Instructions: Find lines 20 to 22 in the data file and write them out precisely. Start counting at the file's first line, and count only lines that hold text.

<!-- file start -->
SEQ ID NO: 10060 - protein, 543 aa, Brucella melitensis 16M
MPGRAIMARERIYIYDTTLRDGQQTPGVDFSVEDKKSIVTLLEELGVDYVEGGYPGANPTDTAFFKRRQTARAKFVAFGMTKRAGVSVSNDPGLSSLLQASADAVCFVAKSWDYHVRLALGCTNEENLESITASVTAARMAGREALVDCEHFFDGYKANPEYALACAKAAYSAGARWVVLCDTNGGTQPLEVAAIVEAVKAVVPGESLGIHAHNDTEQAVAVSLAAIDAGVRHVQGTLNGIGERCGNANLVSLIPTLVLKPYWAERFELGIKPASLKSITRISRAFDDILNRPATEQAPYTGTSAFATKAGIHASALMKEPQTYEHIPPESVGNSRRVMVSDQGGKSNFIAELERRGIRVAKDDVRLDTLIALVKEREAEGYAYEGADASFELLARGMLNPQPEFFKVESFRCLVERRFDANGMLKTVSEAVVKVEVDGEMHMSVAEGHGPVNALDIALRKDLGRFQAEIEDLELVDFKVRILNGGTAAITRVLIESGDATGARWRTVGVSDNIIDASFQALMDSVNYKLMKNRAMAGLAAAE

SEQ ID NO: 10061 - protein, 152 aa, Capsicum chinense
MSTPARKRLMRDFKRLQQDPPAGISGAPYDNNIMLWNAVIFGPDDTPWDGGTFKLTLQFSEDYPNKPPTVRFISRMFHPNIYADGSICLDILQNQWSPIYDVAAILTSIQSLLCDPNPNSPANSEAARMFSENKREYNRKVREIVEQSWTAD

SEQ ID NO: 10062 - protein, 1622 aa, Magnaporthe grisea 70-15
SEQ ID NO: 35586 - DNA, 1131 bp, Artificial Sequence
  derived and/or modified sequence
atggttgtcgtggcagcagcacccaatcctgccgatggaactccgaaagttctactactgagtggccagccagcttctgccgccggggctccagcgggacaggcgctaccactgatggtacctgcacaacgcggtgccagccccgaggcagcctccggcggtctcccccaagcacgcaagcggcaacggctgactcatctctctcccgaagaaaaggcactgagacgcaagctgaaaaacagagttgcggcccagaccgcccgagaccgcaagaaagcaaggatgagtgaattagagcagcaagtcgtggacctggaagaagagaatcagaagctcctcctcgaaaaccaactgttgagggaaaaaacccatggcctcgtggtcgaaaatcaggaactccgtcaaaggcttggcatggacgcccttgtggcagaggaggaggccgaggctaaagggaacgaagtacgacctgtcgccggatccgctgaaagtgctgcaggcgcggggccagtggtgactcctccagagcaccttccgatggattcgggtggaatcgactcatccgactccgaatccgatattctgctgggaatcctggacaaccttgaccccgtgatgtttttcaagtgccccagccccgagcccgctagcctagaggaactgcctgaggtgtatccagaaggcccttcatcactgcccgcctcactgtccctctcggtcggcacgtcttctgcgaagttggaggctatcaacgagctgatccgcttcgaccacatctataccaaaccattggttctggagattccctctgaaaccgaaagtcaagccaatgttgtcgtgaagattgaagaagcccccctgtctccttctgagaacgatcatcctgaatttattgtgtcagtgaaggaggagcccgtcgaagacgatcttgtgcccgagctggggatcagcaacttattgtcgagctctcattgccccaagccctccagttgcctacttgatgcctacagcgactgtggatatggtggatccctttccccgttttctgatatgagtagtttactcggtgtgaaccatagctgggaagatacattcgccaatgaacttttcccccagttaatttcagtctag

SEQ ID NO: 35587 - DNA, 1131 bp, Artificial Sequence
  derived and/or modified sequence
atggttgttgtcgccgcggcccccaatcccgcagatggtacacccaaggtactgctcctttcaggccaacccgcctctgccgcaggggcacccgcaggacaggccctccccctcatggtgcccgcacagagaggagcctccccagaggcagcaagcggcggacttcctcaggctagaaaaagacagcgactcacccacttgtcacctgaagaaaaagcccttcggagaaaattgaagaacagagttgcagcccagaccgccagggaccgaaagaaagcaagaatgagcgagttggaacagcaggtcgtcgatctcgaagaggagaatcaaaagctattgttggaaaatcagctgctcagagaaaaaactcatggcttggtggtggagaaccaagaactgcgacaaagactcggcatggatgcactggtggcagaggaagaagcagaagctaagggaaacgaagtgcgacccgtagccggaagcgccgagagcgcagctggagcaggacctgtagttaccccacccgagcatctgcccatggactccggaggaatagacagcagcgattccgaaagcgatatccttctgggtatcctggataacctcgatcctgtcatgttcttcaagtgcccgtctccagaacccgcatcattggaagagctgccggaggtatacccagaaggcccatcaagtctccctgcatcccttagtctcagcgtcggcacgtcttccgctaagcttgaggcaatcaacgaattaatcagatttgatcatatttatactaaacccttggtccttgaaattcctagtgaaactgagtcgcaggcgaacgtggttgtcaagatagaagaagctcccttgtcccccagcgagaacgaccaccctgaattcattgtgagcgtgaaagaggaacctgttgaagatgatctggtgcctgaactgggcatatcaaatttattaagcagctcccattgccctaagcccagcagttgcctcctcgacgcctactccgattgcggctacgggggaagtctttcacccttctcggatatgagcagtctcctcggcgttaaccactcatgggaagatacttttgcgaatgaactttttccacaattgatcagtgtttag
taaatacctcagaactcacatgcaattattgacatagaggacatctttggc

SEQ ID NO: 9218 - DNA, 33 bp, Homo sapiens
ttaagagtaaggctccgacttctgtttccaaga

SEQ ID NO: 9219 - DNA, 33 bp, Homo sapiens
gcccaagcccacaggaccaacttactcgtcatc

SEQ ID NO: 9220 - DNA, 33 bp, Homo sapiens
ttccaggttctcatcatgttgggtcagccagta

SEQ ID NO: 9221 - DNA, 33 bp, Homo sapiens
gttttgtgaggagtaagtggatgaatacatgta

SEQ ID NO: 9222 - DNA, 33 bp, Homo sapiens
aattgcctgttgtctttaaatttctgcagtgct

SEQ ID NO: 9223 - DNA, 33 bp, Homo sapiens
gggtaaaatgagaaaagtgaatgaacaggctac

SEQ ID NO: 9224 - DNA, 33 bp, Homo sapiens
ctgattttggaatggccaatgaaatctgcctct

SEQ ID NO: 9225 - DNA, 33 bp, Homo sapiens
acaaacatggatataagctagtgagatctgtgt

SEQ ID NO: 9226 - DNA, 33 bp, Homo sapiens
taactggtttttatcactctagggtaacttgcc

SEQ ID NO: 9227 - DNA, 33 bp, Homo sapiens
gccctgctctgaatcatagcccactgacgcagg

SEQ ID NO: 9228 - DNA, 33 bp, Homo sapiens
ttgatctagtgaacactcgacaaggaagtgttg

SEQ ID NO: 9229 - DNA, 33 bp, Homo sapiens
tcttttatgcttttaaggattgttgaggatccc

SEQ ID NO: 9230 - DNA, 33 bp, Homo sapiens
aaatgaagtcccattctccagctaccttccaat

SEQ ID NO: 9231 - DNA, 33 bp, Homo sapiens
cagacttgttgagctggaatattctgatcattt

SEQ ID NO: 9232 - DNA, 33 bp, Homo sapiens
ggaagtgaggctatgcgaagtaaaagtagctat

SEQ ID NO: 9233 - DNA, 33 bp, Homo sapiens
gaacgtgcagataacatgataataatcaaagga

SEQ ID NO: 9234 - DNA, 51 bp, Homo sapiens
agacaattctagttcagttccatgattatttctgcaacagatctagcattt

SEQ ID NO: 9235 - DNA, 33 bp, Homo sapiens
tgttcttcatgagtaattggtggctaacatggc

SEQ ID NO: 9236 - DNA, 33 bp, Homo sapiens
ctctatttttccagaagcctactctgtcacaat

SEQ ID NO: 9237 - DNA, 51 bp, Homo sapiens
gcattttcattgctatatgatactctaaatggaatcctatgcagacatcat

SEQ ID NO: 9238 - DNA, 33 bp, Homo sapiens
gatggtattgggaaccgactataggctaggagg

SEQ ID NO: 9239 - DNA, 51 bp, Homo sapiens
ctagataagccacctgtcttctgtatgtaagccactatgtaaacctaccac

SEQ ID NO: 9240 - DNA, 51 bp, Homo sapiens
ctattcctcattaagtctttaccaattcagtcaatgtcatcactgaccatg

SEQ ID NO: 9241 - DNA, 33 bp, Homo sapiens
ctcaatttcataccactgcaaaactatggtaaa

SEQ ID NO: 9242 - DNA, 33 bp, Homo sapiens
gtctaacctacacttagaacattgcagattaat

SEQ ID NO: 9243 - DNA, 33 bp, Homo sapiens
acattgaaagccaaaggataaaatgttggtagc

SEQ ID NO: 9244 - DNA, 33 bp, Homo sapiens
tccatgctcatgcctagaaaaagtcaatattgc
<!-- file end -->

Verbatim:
gttttgtgaggagtaagtggatgaatacatgta

SEQ ID NO: 9222 - DNA, 33 bp, Homo sapiens
aattgcctgttgtctttaaatttctgcagtgct